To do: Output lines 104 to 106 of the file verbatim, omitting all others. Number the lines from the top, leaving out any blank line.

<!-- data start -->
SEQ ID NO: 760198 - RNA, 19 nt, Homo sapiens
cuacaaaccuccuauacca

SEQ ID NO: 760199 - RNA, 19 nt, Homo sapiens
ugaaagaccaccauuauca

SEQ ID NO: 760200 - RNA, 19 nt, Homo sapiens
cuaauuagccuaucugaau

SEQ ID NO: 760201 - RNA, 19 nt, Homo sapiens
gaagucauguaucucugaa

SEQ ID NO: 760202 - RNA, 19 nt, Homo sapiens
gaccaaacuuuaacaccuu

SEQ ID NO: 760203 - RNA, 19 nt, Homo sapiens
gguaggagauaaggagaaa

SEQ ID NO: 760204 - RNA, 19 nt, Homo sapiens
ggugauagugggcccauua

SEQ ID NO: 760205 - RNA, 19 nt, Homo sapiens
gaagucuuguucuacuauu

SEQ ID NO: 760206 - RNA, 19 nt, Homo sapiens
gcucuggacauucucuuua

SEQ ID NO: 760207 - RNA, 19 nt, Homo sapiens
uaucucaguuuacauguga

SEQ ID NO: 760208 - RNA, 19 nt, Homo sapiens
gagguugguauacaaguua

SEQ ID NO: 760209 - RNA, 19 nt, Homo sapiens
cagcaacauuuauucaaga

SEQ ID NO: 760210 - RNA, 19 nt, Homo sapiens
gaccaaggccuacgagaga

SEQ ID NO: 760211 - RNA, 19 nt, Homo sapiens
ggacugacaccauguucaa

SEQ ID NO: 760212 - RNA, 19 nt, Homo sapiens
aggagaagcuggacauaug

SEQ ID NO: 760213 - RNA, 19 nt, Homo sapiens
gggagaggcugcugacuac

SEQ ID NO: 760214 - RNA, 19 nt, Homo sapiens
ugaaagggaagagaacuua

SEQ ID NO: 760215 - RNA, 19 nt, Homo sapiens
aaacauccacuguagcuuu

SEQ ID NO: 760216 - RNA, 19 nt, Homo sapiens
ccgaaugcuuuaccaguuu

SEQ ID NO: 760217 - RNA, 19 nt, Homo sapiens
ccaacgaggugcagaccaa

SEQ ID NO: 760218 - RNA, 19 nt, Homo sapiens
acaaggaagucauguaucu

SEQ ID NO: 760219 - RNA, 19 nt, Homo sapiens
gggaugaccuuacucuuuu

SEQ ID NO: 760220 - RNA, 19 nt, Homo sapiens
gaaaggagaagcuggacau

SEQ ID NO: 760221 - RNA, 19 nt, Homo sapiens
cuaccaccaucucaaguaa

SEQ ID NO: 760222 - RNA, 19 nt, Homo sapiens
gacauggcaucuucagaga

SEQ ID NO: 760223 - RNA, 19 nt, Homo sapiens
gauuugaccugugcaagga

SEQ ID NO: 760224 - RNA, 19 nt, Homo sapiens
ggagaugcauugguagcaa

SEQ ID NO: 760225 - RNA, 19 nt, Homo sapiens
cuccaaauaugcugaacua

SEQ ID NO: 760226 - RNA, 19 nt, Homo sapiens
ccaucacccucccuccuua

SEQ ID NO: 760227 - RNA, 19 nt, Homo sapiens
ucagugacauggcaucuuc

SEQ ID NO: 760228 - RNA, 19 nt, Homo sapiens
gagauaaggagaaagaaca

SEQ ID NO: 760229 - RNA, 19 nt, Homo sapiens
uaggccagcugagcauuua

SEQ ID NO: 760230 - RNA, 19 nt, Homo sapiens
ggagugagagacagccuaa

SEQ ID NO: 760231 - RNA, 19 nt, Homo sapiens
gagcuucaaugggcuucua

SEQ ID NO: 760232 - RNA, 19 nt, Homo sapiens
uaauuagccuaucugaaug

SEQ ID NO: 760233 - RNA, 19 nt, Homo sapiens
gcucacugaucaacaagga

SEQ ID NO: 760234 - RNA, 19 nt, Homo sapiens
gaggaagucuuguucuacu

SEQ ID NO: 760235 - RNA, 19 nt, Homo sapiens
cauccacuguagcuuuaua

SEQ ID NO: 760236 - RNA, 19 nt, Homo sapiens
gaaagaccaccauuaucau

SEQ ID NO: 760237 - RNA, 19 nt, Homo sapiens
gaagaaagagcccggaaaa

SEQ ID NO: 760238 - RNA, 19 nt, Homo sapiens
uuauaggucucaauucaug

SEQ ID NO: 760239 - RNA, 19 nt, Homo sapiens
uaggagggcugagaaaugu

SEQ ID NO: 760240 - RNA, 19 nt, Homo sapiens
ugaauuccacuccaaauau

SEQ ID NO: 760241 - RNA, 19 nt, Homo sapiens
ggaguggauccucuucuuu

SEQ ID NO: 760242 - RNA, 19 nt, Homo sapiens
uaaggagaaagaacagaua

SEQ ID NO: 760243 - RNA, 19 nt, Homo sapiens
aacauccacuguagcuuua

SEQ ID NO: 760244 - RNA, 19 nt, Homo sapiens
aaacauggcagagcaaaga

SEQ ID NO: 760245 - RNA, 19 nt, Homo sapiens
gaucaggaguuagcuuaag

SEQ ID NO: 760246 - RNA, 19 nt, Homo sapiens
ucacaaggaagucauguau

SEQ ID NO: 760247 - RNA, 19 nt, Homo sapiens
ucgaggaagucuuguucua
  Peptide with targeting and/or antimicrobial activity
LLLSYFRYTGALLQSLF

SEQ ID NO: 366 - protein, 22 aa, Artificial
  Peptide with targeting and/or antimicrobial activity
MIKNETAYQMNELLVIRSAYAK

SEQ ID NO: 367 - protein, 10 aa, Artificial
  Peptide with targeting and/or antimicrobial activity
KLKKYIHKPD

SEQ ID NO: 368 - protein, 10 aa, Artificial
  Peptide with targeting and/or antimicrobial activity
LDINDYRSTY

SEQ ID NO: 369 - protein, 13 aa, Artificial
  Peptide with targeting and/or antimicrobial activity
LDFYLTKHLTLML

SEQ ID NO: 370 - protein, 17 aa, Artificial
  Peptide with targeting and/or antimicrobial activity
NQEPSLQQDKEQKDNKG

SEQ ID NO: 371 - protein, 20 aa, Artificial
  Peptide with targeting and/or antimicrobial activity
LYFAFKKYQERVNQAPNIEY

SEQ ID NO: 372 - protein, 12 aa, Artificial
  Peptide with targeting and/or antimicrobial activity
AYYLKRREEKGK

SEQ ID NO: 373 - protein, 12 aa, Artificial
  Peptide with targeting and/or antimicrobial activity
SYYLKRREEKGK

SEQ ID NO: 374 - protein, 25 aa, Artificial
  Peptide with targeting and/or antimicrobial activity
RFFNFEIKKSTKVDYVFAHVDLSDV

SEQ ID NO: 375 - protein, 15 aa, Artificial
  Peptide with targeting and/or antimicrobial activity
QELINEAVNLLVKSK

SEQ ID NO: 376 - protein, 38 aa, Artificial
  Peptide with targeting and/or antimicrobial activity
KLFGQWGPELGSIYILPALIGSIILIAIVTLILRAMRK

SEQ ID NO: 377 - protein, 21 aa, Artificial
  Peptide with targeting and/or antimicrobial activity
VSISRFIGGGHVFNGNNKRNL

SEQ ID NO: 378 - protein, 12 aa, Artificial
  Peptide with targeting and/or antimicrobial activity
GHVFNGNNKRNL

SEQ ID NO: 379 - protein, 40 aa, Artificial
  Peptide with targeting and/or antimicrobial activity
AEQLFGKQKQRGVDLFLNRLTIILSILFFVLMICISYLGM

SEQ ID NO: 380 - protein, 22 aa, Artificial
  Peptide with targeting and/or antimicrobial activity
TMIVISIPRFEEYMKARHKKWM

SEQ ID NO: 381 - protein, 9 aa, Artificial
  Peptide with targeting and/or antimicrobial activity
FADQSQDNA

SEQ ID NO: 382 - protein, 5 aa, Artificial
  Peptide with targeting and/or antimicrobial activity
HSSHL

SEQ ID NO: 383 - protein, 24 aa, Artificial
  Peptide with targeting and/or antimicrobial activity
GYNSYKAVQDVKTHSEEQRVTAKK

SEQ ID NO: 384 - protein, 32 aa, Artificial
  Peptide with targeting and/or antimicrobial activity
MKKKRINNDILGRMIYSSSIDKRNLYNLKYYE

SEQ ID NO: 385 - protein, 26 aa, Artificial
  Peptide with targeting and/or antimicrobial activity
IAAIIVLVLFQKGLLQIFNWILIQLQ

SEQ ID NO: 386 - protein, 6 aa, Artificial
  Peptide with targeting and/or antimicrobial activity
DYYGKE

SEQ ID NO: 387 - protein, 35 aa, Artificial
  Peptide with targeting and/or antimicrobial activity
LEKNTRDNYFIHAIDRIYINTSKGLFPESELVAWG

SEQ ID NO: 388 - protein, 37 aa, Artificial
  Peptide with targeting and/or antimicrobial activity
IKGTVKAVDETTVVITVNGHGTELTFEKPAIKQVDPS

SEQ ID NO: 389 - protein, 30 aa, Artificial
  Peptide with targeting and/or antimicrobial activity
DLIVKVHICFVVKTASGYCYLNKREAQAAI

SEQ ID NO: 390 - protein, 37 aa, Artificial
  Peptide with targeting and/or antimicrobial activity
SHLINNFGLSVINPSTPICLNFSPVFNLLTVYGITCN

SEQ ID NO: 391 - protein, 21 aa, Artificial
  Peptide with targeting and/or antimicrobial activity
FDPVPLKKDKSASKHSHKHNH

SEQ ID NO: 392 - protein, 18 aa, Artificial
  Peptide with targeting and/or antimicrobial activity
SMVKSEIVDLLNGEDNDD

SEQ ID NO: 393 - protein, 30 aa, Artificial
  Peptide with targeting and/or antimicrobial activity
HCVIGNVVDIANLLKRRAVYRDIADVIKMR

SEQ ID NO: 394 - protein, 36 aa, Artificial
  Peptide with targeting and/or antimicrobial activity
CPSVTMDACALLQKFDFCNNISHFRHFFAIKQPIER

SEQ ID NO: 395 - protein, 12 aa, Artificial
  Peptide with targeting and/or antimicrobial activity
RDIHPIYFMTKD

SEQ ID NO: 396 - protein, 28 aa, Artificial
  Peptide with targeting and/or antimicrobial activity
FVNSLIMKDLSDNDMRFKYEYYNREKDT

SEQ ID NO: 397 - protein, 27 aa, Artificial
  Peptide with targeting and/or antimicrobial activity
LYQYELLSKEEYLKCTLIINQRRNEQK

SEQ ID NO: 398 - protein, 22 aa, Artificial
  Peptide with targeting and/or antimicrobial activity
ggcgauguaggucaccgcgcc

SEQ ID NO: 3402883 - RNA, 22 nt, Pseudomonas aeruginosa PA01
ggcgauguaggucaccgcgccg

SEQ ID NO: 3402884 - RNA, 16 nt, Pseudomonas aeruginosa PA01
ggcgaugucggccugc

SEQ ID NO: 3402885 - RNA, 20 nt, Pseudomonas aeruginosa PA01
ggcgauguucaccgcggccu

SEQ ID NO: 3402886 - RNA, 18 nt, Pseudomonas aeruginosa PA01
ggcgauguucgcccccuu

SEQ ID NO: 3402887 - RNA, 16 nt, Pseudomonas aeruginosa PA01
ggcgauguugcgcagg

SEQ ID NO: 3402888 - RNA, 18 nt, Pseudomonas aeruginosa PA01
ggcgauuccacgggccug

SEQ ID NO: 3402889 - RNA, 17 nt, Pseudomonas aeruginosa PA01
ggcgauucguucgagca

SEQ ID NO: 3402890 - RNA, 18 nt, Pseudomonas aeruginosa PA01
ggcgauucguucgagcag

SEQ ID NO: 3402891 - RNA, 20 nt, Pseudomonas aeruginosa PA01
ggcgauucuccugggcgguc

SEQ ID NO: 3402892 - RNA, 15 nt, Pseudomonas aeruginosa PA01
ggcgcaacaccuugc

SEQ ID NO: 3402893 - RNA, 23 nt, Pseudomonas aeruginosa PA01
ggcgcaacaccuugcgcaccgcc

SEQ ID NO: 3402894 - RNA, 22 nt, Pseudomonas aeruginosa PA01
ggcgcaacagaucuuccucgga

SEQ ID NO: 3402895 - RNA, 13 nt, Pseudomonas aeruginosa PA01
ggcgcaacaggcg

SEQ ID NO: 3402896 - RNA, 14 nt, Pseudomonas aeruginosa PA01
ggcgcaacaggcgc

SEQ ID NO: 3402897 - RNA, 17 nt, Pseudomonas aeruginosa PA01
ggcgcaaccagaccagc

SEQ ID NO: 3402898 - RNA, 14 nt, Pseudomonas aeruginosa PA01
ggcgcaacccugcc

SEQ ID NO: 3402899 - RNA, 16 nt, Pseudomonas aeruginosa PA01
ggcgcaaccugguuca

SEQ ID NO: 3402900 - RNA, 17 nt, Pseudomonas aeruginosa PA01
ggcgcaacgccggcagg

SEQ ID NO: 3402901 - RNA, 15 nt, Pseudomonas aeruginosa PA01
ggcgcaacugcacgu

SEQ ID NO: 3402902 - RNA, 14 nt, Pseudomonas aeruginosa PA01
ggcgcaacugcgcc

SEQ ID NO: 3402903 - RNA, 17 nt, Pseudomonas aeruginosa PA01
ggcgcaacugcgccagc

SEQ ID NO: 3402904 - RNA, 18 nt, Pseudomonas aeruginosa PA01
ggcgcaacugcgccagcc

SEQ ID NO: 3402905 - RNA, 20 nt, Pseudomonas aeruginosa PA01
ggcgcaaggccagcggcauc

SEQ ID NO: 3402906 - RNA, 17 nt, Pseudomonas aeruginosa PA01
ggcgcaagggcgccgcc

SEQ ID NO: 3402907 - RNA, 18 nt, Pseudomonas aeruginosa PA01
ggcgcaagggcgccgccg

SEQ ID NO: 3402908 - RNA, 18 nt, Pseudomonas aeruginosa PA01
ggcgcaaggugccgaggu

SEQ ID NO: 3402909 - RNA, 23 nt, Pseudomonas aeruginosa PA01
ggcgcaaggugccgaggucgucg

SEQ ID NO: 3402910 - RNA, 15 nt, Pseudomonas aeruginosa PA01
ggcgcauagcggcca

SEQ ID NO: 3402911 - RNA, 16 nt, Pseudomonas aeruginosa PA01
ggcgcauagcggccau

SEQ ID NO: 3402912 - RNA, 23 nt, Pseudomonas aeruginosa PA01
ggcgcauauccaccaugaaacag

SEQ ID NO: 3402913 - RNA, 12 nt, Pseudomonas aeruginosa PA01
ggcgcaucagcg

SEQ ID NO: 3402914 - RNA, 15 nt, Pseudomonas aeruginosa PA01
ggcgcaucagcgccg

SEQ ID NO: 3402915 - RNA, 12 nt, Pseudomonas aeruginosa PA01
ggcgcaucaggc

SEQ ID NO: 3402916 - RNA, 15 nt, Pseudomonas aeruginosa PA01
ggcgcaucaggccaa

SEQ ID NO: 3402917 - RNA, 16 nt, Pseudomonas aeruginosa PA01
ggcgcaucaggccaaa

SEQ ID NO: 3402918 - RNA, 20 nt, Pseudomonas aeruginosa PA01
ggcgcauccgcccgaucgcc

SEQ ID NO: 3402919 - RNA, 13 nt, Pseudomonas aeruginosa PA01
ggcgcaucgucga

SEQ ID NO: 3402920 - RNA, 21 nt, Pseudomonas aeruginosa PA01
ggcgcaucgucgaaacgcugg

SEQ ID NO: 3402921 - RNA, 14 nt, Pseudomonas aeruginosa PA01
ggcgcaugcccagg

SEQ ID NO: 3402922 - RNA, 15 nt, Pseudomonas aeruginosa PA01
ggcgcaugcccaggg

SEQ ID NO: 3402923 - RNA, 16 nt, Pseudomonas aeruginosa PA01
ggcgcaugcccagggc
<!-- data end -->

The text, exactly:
  Peptide with targeting and/or antimicrobial activity
MIKNETAYQMNELLVIRSAYAK

SEQ ID NO: 367 - protein, 10 aa, Artificial